Are we really so insecure in our democracy that when the forces of law and order get out of hand, as they have done regularly since the Tolpuddle Martyrs and beyond, much is said, but nothing is done?
As a photography student back in 1977, I witnessed the Special Patrol Group in action at Grunwick, and even managed to get a few photos off before being collared and threatened with arrest if I took any more. Meanwhile, the SPG were going about their business like pit-bulls off the leash, wreaking the kind of bloody havoc – including a vicious instance of "kettling" – that was shocking to witness at first hand.
Predictably, the front pages next morning all carried a shot of a policeman on the ground after being hit by a bottle thrown by some idiot in the crowd. But about the police's own actions, virtually nothing was said.
Thirty-three years on, with police behaviour at demonstrations once again under a worryingly feeble spotlight, it's clear that nothing, really, has changed.
Will the new government finally make good the right to demonstrate freely (and non-violently), without risk to life and limb, by outlawing "kettling" and the newly fashionable police tactic of removing identity tags? I would like to think so. But I'm not holding my breath.
Rob Prince, London SE13
Diane Abbott (Opinion, 28 April) is right that the police have always had a tender regard for the civil liberties of the racist right, not matched by their attitudes towards egalitarian demonstrators.
Back in the 1930s the Cable Street fighting was mostly with the police, who were trying to batter a way through for Mosley's fascists.
Another continuity is that the culture of dumb insolence, denial and entitlement exemplified by the statements in the Cass report into Blair Peach's death retains a solid hold in today's police. The feeble efforts of the hilariously named Independent Police Complaints Commission and the Crown Prosecution Service have resulted in no prosecutions for police- inflicted deaths since 1998 except for a couple of fatal car crashes and the procedure beyond parody of the Health and Safety action about the death of Jean Charles de Menezes.
The powers that be, the legal establishment and the inbred, toothless watchdogs all fail to assert effective accountability over the police. It is left to the bereaved to mount campaigns.
Nik Wood, London E9
Catholic Church and its critics
Some of your correspondents have been using the insulting Foreign Office memo aimed at the Pope as an excuse to further their hate campaign against the Catholic Church. It is very important that the following facts are made clear.
Far from being exceptionally numerous abusers, Catholic clerics in fact have a lower rate of involvement in child abuse than the general population. This is a well-attested fact, yet it is stated in virtually no media reports on this issue, or by the Church's constant detractors.
All organisations, including other faith bodies, secular schools and institutions, until very recently adopted similar policies to those for which the Catholic Church is currently being vilified with respect to the handling of child abuse allegations. Allegations were handled internally and confidentially. Very few allegations were reported to the police – and if they were, they were rarely acted upon.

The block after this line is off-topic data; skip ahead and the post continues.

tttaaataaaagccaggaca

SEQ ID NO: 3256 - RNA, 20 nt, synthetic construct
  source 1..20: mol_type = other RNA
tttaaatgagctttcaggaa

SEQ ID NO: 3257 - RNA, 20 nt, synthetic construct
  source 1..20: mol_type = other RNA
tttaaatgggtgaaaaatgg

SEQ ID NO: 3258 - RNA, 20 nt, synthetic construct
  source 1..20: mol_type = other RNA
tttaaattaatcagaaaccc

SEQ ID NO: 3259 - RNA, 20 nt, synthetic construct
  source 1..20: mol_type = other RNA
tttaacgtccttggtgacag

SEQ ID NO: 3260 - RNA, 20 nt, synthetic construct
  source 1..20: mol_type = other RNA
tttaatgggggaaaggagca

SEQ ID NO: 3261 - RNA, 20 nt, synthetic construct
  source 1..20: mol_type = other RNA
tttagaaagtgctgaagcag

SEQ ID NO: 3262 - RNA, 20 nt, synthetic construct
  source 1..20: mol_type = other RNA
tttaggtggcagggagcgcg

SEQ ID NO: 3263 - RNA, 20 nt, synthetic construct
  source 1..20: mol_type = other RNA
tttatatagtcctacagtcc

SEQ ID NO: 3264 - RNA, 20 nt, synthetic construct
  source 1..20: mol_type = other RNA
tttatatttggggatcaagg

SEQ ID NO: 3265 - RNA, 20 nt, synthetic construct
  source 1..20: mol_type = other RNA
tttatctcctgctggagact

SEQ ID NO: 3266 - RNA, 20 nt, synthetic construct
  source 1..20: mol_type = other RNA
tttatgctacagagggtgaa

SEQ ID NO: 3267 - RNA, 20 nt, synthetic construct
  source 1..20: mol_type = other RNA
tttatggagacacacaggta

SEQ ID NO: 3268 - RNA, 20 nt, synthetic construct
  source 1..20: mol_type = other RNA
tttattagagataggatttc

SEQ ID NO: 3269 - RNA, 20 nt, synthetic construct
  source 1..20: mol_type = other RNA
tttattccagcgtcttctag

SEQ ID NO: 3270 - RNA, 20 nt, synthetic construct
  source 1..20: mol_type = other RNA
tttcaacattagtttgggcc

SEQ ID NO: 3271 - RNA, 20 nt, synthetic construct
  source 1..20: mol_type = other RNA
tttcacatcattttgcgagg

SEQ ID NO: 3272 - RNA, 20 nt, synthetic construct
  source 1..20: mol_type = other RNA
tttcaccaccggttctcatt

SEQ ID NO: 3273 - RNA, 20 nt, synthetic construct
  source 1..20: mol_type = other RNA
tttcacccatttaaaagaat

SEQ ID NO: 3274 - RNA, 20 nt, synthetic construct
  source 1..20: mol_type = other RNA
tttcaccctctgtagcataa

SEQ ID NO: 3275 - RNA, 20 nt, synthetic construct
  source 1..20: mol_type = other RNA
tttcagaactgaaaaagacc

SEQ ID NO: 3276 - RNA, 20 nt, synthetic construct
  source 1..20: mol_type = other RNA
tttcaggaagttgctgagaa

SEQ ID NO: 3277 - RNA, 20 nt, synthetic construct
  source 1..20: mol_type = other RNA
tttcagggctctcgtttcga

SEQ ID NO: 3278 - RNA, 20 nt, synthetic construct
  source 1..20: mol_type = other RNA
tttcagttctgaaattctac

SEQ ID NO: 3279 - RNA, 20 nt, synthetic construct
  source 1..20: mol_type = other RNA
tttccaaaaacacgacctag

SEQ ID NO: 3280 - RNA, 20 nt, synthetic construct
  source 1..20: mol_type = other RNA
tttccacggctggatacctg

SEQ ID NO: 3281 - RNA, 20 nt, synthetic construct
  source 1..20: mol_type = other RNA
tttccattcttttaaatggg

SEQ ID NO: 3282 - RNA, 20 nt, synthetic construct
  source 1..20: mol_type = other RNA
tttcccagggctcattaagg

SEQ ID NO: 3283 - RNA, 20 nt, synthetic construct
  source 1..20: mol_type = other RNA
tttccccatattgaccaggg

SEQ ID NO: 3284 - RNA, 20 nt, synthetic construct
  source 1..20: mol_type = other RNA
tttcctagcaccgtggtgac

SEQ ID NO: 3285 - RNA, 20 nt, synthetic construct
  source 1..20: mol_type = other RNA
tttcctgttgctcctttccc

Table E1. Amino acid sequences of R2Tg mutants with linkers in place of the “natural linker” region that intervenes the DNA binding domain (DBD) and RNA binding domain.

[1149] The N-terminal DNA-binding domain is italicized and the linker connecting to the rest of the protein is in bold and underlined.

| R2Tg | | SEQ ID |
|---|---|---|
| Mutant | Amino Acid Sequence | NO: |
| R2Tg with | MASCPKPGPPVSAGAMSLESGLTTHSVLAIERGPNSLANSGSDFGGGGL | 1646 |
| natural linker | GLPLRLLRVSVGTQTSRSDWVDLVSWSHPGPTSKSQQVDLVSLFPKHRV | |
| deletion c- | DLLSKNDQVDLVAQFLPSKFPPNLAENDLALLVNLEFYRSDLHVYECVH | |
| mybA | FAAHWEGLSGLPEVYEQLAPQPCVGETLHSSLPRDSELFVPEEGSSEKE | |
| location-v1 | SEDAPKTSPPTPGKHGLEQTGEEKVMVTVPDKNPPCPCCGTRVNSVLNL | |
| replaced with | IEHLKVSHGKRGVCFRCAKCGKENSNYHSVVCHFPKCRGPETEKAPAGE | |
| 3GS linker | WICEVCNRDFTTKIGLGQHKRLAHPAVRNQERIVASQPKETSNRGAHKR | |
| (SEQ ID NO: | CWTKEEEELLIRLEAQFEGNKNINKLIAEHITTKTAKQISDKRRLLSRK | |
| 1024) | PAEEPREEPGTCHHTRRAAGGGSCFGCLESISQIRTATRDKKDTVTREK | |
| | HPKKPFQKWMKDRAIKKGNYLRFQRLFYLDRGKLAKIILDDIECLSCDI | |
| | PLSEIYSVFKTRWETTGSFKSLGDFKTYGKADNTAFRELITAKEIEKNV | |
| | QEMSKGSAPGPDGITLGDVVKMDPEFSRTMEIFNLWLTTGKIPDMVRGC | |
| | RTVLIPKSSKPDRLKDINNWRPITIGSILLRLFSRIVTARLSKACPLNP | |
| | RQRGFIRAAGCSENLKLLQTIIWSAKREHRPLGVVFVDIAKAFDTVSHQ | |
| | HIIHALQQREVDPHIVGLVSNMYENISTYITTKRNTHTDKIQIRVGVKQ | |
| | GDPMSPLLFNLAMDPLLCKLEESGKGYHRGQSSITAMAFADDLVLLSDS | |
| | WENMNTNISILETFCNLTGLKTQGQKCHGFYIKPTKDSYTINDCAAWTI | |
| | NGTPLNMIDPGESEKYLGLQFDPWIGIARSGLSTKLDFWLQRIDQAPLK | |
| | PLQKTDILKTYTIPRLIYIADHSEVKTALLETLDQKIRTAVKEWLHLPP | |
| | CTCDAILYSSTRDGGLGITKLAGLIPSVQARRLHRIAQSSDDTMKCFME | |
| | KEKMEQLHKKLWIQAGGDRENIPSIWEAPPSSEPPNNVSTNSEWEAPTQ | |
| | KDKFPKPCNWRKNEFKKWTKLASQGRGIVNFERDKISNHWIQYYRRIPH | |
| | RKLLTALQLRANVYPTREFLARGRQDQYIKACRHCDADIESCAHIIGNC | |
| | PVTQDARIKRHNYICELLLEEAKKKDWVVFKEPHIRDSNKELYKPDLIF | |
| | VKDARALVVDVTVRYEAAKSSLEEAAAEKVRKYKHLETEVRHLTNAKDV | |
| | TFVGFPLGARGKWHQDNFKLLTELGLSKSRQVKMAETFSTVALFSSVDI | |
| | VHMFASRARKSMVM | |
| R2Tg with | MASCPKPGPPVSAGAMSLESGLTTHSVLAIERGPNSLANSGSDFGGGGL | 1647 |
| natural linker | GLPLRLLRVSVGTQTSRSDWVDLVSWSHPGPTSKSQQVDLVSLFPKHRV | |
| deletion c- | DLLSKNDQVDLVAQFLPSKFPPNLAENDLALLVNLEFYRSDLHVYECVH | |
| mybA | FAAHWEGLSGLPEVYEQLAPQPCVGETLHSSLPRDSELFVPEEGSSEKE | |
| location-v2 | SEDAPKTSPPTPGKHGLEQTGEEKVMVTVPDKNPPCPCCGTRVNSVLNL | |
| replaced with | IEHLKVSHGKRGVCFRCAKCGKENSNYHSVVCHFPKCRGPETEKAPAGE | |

This has been shown in scandals that have occurred in other faiths, and in government reports such as that into the US public school system, where known abusive teachers were habitually passed on to new school posts.
It would seem that some persons are more interested in attacking the Catholic Church than protecting abused children.
A Richardson, Scarborough, North Yorkshire
As a practising Catholic, I am not outraged by this stupid incident. Rather as a citizen I am appalled that such puerile behaviour is rampant in the Foreign Office.
We Catholics should reflect whether we need our leaders to be treated as princes and rulers or whether we should prize in them humility and absence of ostentation. We must differentiate between absolute duties such as eradicating pederasty from our ranks, and traditions such as a male celibate clergy.
Brian Macnamara, Kenilworth, Warwickshire
Things have come to a pretty pass when the Emperor can't plan a visit to this country without badly behaved little boys drawing attention to his nakedness. Still, it could have been worse. They could have mentioned the war.
Godfrey Marriott, Ware, Hertfordshire
No majority for the liberal left
In Johann Hari's piece "The forces blocking British democracy" (23 April), he claims that "Britain is a country with a large liberal-left majority", citing opinion polls on issues such as the minimum wage, wealth redistribution, Afghanistan and Trident. This is over-simplistic at best, and disingenuous at worst.
The British people's political views aren't as easily pigeon-holed as Johann Hari would like to believe. On a range of issues such as immigration, Europe, capital punishment, multi-culturalism, equal rights for homosexuals, welfare, funding for overseas development and the environment, the prevailing public view is considerably to the right of those expressed by the mainstream political parties.
Will Mr Hari also be campaigning for "the silenced majority" to be heard on these issues? Or should majority rule apply only if it backs his own liberal world view?